Emergence, by David Palmer. More of a post-apocalyptic novel than about the disease that caused it. Actually, the disease was a human-engineered one that spread in a benign/inactive state, then was triggered to virulence by bursts of radiation from Soviet neutron bombs. And the 1918 flu epidemic is mentioned, in that it is allegedly responsible for identical mutations in a bunch of people that makes them disease-resistant, much more intelligent, able to see into the IR, and makes them prettier and gives them fresh, minty breath, too. In fact, they’re so advanced that they consider themselves (and are considered by others) the next step in human evolution. OK, maybe this isn’t such a good book about disease.

    Cowboy Feng’s Space Bar and Grille, by Steven Brust. Hm. This was his response to the loss of a bunch of his friends from complications with AIDS. It’s hard to summarize the plot, other than to say that it’s about a group of musicians and a bar that hops forward through time, which might be metaphorical of something else. I’m not sure it quite works, but nevertheless, there it is.

    Finder, by Emma Bull. Another targeted epidemic, and might also be meant to be a reaction to AIDS, now that I think of it. Has a very powerful and moving ending. I’d say give this one at least a shot.

    Maybe more later.

  97. #97 MAJeff, OM
    February 29, 2008

    This is an odd one: David Feinberg’s Eighty-Sixed or Spontaneous Combusion. Feinberg was a bitchy queen’s bitchy queen. He wrote dark, campy novels that were fairly popular among gay male reading publics, but when he changed to AIDS he wrote dark, campy, angry novels. He also documents a lot in Queer and Loathing, which includes writings from being an ACT-UP activist (which is what I tended to use), and very difficult…it’s very angry, in ways that a lot of people have a hard time relating to these days.

    I’m blanking because I was so involved in the politics and doing sexuality education and HIV/STI prevention that I read a lot more nonfiction than fiction (“The Man with the Night Sweats” is a fantastic collection of poetry, though).

  98. #98 jick
    February 29, 2008

    FYI, I had inquired about the Han/Warda paper in question at BRIC (bric.postech.ac.kr), a famous Korean biology community site, and then none other than Professor Han Jin himself made a reply. He claimed that he made a mistake of accidently mixing up the initial draft and the final version of the paper.

    I am not a biologist, but that didn’t sound terribly credible to me. Well, at least he admitted his fault and retracted his paper. Something that can’t be said for many professors in Korea…

  99. #99 Owlmirror
    February 29, 2008

    FYI, I had inquired about the Han/Warda paper in question at BRIC (bric.postech.ac.kr), a famous Korean biology community site, and then none other than Professor Han Jin himself made a reply. He claimed that he made a mistake of accidently mixing up the initial draft and the final version of the paper.

    Yeah, that’s the same excuse he gave to PZ.

    I wonder if you could ask him what his actual disproof of the endosymbiotic theory of the origin of mitochondria was supposed to be? After all, that should have been in the “final draft”.

    And who were the “peers” who reviewed the paper in the first place?

    I’d also be interested in seeing him state clearly what the fingerprint of a mighty creator would look like, and why.

  100. #100 jick
    February 29, 2008

    I wonder if you could ask him what his actual disproof of the endosymbiotic theory of the origin of mitochondria was supposed to be? After all, that should have been in the “final draft”.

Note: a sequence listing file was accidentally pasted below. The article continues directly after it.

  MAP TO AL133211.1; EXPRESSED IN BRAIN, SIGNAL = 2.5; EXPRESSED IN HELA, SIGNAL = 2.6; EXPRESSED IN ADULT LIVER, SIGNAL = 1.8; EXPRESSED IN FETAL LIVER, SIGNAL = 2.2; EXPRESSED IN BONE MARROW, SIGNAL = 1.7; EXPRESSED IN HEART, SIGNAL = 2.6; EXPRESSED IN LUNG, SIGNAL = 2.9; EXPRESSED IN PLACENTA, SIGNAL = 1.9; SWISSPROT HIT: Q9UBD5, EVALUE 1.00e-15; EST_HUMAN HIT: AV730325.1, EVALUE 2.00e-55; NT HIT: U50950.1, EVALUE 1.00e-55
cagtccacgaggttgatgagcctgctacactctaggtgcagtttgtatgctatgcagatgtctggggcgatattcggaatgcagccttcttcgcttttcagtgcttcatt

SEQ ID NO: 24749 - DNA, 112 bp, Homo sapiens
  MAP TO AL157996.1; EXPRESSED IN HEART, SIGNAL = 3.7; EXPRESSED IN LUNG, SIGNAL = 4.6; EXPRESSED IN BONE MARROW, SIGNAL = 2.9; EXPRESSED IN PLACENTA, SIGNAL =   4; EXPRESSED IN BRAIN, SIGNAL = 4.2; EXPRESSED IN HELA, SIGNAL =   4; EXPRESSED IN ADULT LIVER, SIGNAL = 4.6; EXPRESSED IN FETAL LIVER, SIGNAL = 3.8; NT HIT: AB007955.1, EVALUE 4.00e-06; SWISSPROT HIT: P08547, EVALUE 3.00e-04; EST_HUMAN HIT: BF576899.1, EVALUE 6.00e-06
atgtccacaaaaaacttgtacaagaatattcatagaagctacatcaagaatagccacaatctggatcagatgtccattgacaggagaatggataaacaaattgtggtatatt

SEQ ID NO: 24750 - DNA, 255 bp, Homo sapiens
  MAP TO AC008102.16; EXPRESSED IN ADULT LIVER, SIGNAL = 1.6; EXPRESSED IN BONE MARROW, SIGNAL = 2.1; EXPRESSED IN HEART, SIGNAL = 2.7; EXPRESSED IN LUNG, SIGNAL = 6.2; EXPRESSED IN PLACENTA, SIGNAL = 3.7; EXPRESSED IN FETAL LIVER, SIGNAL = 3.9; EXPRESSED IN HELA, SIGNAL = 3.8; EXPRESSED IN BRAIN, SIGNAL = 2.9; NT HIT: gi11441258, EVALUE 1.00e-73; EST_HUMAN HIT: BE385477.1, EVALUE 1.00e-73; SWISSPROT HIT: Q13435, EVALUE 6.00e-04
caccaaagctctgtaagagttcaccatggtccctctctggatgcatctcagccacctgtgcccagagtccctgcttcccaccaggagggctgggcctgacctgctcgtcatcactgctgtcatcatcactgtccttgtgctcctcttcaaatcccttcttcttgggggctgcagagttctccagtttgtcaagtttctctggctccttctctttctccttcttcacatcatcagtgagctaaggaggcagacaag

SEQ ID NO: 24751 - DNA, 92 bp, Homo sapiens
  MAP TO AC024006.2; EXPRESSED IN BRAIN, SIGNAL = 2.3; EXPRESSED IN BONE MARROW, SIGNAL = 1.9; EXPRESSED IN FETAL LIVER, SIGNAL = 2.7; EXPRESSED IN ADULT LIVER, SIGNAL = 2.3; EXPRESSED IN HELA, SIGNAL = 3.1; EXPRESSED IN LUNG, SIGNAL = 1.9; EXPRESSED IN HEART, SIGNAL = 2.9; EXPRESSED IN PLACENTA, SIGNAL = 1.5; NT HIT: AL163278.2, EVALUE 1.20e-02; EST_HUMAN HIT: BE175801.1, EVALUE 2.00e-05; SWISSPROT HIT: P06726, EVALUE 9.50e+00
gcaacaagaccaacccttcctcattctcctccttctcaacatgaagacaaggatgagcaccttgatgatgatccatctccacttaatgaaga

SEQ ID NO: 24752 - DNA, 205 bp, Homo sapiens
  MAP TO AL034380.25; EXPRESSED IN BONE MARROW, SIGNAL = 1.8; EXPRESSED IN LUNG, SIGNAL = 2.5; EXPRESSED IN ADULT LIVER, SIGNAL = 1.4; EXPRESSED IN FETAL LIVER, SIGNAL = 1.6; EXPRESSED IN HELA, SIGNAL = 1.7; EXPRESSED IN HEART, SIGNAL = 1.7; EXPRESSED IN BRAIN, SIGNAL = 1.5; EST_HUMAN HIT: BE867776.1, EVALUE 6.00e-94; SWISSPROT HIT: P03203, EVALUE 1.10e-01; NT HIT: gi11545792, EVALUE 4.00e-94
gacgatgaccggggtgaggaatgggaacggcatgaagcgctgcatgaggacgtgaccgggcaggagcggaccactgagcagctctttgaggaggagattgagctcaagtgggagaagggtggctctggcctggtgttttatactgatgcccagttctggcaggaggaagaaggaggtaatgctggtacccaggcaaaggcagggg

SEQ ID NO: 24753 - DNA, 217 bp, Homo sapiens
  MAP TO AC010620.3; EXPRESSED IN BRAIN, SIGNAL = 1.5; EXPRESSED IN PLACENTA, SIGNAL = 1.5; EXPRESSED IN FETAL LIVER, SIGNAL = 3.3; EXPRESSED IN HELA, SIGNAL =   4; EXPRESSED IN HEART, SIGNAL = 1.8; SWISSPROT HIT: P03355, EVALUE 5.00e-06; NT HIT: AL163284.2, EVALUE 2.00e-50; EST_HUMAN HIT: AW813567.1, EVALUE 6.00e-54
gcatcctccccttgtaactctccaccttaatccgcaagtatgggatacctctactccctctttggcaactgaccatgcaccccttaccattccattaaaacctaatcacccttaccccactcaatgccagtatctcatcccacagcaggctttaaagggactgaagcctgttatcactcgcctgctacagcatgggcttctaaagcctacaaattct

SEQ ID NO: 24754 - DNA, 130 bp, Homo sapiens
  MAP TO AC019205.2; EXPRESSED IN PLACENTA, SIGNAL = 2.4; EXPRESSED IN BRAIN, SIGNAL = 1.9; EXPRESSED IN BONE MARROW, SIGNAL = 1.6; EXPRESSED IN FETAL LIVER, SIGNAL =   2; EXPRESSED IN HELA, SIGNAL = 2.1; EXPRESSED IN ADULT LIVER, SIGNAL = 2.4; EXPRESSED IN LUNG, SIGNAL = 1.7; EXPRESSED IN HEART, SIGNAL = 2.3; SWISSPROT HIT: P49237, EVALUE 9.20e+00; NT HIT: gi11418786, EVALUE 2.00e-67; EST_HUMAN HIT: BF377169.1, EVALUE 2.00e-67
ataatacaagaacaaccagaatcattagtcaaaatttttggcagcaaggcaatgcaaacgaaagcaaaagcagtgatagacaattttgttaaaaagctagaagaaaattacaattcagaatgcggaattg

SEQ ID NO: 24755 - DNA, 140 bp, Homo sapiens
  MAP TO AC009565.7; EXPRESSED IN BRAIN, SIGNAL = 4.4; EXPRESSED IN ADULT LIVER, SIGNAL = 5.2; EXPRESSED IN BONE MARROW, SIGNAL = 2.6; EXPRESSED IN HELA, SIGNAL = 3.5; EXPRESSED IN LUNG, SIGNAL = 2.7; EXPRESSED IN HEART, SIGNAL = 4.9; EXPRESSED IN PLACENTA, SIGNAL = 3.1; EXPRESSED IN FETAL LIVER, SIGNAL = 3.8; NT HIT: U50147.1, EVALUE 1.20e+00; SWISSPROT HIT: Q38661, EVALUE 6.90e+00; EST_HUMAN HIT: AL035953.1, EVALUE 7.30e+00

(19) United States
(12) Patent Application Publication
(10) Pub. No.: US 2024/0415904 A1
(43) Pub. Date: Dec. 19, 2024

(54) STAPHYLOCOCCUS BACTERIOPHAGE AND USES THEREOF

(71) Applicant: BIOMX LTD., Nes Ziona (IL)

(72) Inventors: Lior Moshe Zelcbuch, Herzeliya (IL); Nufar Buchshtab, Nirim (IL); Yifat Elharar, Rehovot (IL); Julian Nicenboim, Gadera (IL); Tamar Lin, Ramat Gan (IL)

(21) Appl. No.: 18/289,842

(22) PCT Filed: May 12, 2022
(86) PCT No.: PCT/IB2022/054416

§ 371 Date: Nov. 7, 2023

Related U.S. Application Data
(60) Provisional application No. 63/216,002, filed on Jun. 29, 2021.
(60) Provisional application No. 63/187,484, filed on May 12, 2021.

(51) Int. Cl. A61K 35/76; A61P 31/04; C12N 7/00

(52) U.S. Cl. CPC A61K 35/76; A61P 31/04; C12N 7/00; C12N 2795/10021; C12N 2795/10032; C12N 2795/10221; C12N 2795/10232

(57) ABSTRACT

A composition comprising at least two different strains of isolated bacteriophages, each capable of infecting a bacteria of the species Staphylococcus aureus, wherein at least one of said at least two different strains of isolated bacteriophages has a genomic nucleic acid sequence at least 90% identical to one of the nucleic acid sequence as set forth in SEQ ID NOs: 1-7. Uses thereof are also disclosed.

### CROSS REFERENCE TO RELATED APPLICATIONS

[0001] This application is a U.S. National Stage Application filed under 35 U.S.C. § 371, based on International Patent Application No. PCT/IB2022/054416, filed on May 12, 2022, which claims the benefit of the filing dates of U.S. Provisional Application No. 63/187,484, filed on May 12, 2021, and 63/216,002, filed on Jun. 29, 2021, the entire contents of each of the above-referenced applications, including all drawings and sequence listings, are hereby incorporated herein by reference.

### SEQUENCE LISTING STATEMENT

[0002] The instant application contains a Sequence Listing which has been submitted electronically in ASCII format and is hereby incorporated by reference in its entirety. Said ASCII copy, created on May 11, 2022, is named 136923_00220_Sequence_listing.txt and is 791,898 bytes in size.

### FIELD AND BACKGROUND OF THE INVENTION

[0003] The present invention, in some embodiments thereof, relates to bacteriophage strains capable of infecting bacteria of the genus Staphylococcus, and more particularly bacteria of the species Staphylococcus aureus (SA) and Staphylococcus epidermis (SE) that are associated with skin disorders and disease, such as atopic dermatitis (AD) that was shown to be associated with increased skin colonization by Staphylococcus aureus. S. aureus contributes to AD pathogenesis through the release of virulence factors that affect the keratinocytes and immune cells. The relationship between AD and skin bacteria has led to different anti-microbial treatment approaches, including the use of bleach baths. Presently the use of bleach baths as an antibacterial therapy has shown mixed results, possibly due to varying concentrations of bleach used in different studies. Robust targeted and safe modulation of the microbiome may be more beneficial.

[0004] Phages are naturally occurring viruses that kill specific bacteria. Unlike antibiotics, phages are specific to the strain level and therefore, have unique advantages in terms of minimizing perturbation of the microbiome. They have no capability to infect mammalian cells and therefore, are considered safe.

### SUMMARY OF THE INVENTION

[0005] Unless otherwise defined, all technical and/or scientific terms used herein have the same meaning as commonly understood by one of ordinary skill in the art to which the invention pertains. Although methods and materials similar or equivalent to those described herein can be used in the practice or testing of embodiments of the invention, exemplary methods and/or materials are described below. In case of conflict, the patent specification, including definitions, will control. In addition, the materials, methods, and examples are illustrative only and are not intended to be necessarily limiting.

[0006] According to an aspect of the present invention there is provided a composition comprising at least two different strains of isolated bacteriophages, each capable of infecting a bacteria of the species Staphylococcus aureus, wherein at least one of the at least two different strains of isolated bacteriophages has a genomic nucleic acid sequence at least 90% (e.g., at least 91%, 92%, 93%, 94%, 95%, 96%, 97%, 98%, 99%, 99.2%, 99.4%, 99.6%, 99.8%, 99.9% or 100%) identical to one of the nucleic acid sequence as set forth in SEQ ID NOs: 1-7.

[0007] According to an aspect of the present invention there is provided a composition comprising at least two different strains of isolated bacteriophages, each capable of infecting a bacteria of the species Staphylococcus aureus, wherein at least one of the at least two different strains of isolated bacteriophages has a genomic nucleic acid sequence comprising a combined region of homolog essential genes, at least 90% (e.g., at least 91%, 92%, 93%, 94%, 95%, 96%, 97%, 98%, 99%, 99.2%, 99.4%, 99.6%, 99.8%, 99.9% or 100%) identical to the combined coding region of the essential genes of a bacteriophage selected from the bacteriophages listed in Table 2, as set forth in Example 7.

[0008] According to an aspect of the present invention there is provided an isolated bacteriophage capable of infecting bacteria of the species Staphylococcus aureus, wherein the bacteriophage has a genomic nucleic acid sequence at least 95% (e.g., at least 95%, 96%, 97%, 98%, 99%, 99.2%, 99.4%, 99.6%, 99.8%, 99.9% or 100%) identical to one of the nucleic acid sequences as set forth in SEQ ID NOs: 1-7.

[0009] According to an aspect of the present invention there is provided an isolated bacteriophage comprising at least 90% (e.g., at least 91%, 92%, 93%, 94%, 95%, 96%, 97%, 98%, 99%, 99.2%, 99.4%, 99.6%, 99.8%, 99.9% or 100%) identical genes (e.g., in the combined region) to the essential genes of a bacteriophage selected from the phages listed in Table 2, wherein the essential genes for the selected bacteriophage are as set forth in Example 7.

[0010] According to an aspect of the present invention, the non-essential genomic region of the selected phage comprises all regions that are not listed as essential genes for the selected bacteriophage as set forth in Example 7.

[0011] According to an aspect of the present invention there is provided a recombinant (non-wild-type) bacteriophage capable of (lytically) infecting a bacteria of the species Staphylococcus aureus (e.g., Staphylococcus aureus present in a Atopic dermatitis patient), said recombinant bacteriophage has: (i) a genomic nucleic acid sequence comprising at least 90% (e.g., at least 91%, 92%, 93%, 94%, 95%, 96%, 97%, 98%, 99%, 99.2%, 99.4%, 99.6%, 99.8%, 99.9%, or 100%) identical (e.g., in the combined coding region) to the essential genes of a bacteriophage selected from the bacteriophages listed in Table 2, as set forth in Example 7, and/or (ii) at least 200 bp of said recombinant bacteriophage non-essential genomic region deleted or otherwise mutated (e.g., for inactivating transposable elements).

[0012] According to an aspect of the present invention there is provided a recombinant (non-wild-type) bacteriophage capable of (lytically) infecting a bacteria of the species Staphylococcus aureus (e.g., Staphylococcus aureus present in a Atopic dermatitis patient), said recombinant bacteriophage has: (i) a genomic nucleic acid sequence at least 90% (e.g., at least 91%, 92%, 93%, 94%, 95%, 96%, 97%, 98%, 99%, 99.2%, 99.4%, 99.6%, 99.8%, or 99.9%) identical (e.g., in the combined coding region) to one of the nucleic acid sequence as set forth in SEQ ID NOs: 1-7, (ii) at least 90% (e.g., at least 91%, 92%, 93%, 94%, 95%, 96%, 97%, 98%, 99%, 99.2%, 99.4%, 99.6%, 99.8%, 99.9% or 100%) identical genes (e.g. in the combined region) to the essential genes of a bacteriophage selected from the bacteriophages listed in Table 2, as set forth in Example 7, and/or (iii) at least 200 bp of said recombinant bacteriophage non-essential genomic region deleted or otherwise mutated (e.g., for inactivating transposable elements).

Well… I’m just an occasional visitor there, and I don’t think Mr. Han frequents the site, either. So, if I post the question, the chance that Han would see it and make a reply is rather small. Also, my impression is that the site suffered too many trolls and doesn’t act kindly to outsiders (like me) writing potential flamewar topics. (Understandable—BRIC was the cyber-frontline in the war against Hwang Woo-Suk during the infamous scandal.)

    In short: sorry. :)

    Besides, what do you expect from a creationist? You already know his answer anyway.

  101. #101 Bill Dauphin
    February 29, 2008

    So I have a whole set of published articles, under my byline, that I can’t read!

    …. For all you know, you are now the magazine’s expert in 70s porn.

    I would’ve taken that gig straight up; no need to trick me into it!

    Sadly, even when it’s completely surrounded by indecipherable (to my mi-guk saram eyes) Korean, it’s hard to mistake Doonesbury for porn. Boopsie isn’t that hot.

    Despite all stereotypes of exotic, erotic Asia, I actually found Korea fairly prim. Maybe it was just a matter of being a foreigner who didn’t know where to look, but I didn’t see much in the way of porn or sexually oriented businesses. I suppose there’s no country in the world that doesn’t have strippers and hookers, but the only recreational nudity I saw during my year there was a Western-style topless floorshow at a nightclub that catered exclusively to foreign travelers. And the closest thing to prostitution I saw was b-girls hustling drinks and (very chaste) dances.

    Then again, there were some odd exceptions: It was commonly believed by us Western teachers that standard practice in Korean barbershops was for female attendants to provide a “happy ending” to your haircut. (Sadly, my wife never permitted me to do field research on this point.) And at one of the large multi-vendor markets we used to shop at, there was invariably a large crowd around the booth where a fellow was hawking penis-enlargment vacuum pumps. (Male “vigor” was something of a national obsession, if the number of foods reputed to enhance it was any measure.)

    All in all, a fascinating place. It’s been >20 years now since I was there; I’d love to go back and see what has (and hasn’t) changed.

    PS: Not only do they eat cephalopods, but when I was there you could buy squid out of vending machines… in one case (for which I have photographic evidence) both hot and cold squid out of the same machine! It’s heaven on earth….